Listening to the crowd chatter before Friday’s show at The Waiting Room made it abundantly clear the bulk of the audience was there to see Macaulay Culkin sing about pizza.
Pouring fuel on the fire of celebrity curiosity, a security employee (presumably with The Pizza Underground), was handing out headshots and movie still from Home Alone to be held up during the band’s set. That night, Culkin’s band, The Pizza Underground shared the stage with Omaha-born, Team Love artist Rig1 and Minnesota native, Har Mar Superstar.
After a comparatively normal set by emcee Rig1 (but which notably featured a singing appearance by Orenda Fink), The Pizza Underground took the stage one by one. The last band member to climb the steps was Culkin, causing the crowd that packed The Waiting Room to applaud and cheer. From that moment onward, the night became more of a comedy show than a rock concert. The constant banter between bandmates punctuating the beginning and end of every song: Pizza puns, wigs, fake German accents and alter egos were as prominent as the music. After handing out free pizza to the audience, the band wanted to make it clear they had side projects that weren’t solely pizza-based. In addition to The Velvet Underground covers, the band played several Lou Reed covers, like “Take a Bite of the Wild Slice,” and covered artists such as David Bowie/Ziggy Stardust. Individual band members would take center stage and cover a song as an existing artist’s alter ego. Concert goers saw “Plop Dylan” (Bob Dylan) play “Blood in the Cracks,” “Pussy Joel” (Billy Joel) and “Kurt Cobained” (the past tense of the Nirvana singer).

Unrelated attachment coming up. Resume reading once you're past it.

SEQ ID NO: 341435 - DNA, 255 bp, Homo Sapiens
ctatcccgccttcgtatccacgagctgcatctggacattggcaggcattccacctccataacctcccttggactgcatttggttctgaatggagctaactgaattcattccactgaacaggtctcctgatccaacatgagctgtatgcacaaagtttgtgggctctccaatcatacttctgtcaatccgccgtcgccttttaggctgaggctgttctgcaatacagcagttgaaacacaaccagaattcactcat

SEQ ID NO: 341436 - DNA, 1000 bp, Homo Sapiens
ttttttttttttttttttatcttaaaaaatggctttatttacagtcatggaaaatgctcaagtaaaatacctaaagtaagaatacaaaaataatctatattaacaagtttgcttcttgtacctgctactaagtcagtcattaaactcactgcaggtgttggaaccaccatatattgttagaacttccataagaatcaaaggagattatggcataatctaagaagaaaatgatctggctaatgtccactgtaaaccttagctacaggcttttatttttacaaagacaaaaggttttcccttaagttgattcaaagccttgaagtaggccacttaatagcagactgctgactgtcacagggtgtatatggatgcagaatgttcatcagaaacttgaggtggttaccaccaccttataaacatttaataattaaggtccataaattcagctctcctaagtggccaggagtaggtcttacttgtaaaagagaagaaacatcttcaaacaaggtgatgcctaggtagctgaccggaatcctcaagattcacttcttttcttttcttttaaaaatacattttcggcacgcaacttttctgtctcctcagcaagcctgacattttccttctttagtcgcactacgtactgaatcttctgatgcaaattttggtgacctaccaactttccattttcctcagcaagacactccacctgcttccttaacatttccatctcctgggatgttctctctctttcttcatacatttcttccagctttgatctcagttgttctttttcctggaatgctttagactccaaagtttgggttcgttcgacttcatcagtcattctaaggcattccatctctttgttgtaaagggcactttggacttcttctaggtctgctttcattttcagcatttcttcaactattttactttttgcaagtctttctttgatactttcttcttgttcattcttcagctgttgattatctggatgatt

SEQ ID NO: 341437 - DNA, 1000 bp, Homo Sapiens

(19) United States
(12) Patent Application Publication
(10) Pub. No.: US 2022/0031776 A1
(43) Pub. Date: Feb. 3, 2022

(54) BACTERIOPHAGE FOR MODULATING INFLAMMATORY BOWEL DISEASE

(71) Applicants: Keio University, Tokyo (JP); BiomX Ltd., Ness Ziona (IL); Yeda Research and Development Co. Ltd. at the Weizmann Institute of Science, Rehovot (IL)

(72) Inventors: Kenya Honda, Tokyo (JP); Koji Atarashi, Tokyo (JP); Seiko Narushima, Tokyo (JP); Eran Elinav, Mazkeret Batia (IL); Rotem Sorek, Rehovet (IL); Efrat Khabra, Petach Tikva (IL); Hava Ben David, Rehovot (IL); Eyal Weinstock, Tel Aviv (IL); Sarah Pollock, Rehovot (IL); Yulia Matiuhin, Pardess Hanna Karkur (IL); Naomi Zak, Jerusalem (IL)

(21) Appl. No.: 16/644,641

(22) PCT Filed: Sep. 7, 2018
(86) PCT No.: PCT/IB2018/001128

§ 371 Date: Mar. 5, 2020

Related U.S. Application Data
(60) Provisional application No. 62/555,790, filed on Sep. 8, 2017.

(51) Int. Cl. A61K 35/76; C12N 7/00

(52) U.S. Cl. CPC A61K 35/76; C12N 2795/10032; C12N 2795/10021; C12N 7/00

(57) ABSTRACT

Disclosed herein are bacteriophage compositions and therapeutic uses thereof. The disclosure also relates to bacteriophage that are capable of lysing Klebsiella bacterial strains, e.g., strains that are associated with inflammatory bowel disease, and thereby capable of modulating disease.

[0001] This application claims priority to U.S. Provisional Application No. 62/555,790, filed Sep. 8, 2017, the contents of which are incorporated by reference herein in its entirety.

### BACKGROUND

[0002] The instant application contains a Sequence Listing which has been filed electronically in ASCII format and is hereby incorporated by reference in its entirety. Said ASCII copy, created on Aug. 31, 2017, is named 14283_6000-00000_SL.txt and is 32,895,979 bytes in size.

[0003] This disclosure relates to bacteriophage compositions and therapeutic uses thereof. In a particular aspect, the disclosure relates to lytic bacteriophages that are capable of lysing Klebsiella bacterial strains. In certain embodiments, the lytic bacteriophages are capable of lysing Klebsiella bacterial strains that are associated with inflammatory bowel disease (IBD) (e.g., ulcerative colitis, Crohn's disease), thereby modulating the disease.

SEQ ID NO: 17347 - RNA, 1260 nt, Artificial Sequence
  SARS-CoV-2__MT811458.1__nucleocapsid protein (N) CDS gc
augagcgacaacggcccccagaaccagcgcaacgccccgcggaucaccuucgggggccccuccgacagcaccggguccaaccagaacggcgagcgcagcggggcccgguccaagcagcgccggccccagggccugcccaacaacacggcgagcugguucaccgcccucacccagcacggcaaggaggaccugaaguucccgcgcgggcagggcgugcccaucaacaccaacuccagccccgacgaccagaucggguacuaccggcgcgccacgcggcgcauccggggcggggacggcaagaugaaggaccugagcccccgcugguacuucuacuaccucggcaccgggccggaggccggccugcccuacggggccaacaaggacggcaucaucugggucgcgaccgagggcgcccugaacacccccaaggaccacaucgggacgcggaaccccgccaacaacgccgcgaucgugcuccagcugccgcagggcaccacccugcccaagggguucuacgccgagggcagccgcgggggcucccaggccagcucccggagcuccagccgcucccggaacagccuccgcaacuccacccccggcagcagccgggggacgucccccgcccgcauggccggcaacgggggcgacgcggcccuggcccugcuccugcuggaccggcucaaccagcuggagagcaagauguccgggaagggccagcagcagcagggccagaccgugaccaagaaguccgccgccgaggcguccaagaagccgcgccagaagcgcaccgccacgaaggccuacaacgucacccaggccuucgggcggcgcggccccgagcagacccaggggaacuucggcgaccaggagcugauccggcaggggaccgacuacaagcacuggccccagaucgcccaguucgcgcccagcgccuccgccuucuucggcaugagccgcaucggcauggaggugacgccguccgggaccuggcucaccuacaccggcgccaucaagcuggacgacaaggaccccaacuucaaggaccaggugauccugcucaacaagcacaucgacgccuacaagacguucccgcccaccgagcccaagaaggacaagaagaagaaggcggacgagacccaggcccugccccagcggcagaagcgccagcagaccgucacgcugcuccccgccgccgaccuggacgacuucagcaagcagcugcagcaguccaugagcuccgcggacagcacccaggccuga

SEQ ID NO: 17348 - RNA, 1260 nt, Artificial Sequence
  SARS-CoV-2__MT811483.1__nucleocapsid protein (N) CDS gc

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The comedic element of the show made up for what the band lacked in apparent musical ability. With no drummer, the percussion section of each song was mostly one member hitting an empty pizza box with a drumstick. The show felt more like a group karaoke session than an organized set. Nearly all the band members sang the entirety of every song. The crowd attempted to join in several times, but with all the lyrics of the songs people recognized having been changed to a pizza theme, singing along was near impossible outside of the refrains.
The audience largely cleared out after The Pizza Underground finished their set, leaving little more than half of the crowd for Har Mar Superstar’s set.
The band backing Har Mar Superstar was exponentially more polished and professional than The Pizza Underground (with Desaparecidos guitarist Denver Dalley in its ranks), though soulful lead singer Sean Tillmann’s alter ego also strives for laughs and more visual entertainment.
Check out a few photos of Rig1 below: